Thailand is one of the most popular destinations for tourists and digital nomads all over the world, with Chiang Mai being considered one of the hottest hubs for digital nomads nowadays. However, things might have taken a wrong turn today as the Thailand officials announced that the country’s King, Bhumibol Adulyadej has died on Thursday, October 14th 2016.
But why would the death of the country’s king have any repercussions over the life in Thailand and most importantly, why would it affect tourists traveling to or digital nomads currently in Thailand?
Well, the situation is a bit more complicated than it sounds. First of all, King Bhumibol Adulyadej – who is also the world’s longest serving monarch – was beloved and respected by the entire country and was considered the person that held the country together. Following his death, the government has officially announced that an year-long mourning period begins in Thailand, with a 30-day moratorium on state events begining today, Friday October 14th.
The government also urged all tourists and foreigners to “dress appropriately” for the mourning of their King and nobody should take this lightly as Thailand has very strict laws against those disrespecting the Royal family.
Thai government announced that restrictions on entertainment venues and tourist attractions will be in place, including restaurants, bars and shopping areas. There are reports that the redlight districts in Thailand will be closed indefinitely as well.
However, these might not be the biggest problems digital nomads and tourists could face in the country.
Both British and Australian embassies (for now as probably more will follow) urged their citizens to exercise a high degree of caution in the country due to the possibility of civil unrest and even terrorist attacks, according to Daily Mail. The possibility of a military coup is not excluded either.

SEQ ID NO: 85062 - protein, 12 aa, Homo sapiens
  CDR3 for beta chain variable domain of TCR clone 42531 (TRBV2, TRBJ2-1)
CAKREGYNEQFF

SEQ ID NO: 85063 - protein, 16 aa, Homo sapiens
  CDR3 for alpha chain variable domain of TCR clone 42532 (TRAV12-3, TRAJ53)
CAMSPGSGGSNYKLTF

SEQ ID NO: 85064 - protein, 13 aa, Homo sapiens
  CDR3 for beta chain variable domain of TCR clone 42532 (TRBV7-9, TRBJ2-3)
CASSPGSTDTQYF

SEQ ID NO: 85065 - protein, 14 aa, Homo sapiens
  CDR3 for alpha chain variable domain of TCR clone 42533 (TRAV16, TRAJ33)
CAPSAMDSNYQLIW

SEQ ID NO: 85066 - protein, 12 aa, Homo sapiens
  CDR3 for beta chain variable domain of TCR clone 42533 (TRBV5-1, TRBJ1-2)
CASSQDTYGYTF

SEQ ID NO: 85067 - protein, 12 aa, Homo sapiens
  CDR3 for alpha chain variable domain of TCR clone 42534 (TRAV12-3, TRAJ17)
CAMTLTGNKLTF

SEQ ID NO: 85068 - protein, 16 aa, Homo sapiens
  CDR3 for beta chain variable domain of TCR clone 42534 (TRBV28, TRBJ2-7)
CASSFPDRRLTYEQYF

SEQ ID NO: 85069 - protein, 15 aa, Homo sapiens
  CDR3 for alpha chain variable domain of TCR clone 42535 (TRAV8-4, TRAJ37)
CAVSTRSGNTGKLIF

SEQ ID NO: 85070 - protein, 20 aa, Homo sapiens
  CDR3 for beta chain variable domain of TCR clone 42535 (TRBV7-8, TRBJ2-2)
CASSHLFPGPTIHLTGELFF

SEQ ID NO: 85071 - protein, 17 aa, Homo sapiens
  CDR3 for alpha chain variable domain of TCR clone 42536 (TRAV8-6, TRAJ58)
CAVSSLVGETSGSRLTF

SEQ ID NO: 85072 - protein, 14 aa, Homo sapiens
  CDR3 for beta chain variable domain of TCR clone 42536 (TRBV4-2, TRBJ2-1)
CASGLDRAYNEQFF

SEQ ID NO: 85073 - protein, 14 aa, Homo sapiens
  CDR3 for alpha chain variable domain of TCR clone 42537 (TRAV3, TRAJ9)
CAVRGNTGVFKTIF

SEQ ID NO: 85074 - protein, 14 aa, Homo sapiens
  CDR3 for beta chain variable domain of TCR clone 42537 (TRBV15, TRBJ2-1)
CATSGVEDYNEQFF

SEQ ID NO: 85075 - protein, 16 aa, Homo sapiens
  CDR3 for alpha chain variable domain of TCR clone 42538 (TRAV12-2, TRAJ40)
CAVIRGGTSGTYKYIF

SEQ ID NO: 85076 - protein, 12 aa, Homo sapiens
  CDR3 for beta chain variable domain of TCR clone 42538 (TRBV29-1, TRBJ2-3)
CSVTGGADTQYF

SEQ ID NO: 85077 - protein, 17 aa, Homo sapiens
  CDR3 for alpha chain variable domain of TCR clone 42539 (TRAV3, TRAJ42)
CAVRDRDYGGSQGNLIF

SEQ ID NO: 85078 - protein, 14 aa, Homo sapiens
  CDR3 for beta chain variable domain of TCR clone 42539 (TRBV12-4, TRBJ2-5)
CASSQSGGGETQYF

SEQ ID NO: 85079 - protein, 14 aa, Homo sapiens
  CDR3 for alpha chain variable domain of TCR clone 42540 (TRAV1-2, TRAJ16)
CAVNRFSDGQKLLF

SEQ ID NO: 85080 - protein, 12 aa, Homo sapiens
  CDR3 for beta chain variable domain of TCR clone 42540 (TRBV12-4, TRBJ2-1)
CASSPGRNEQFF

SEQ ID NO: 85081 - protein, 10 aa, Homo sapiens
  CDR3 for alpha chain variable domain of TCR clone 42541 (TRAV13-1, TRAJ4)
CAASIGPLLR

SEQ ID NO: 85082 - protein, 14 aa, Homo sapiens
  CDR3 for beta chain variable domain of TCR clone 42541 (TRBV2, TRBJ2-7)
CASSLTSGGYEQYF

Is Thailand dangerous right now?
I am not currently in Thailand, but after talking with several digital nomads living in the Chiang Mai area, it appears that no visible changes were made and life is following its natural course today. Of course, it’s still early and shops, restaurants and other places might be shut down or restrictions could apply. However, there’s no sense of real tension in the country and apparently not among the locals either.
There are people who believe that even the possibility of civil unrest or the military trying to grab the power in the country is very unlikely during the first 30 days of mourning. Things might change in the near future, though, with the first 3-4 months after the mourning period being considered critical.
So if you don’t want to risk anything (especially if you saw the movie No Escape), you should have at least 30 days to move away from Thailand for a while or make different plans if you’re not there already. However, I repeat – most of the people I am in contact with are not worried at all at the moment. Tourism and the large expat / digital nomad communities in Thailand offer important boosts to local economy – and this is something that both the government and its opponents are well aware off, so it’s highly unlikely that the country will cut off the income generated by the foreigners by forcing them out.
Are you in Thailand right now? Can you share your thoughts with us on this matter and especially let us know if there have been any changes in daily life since the tragic event took place?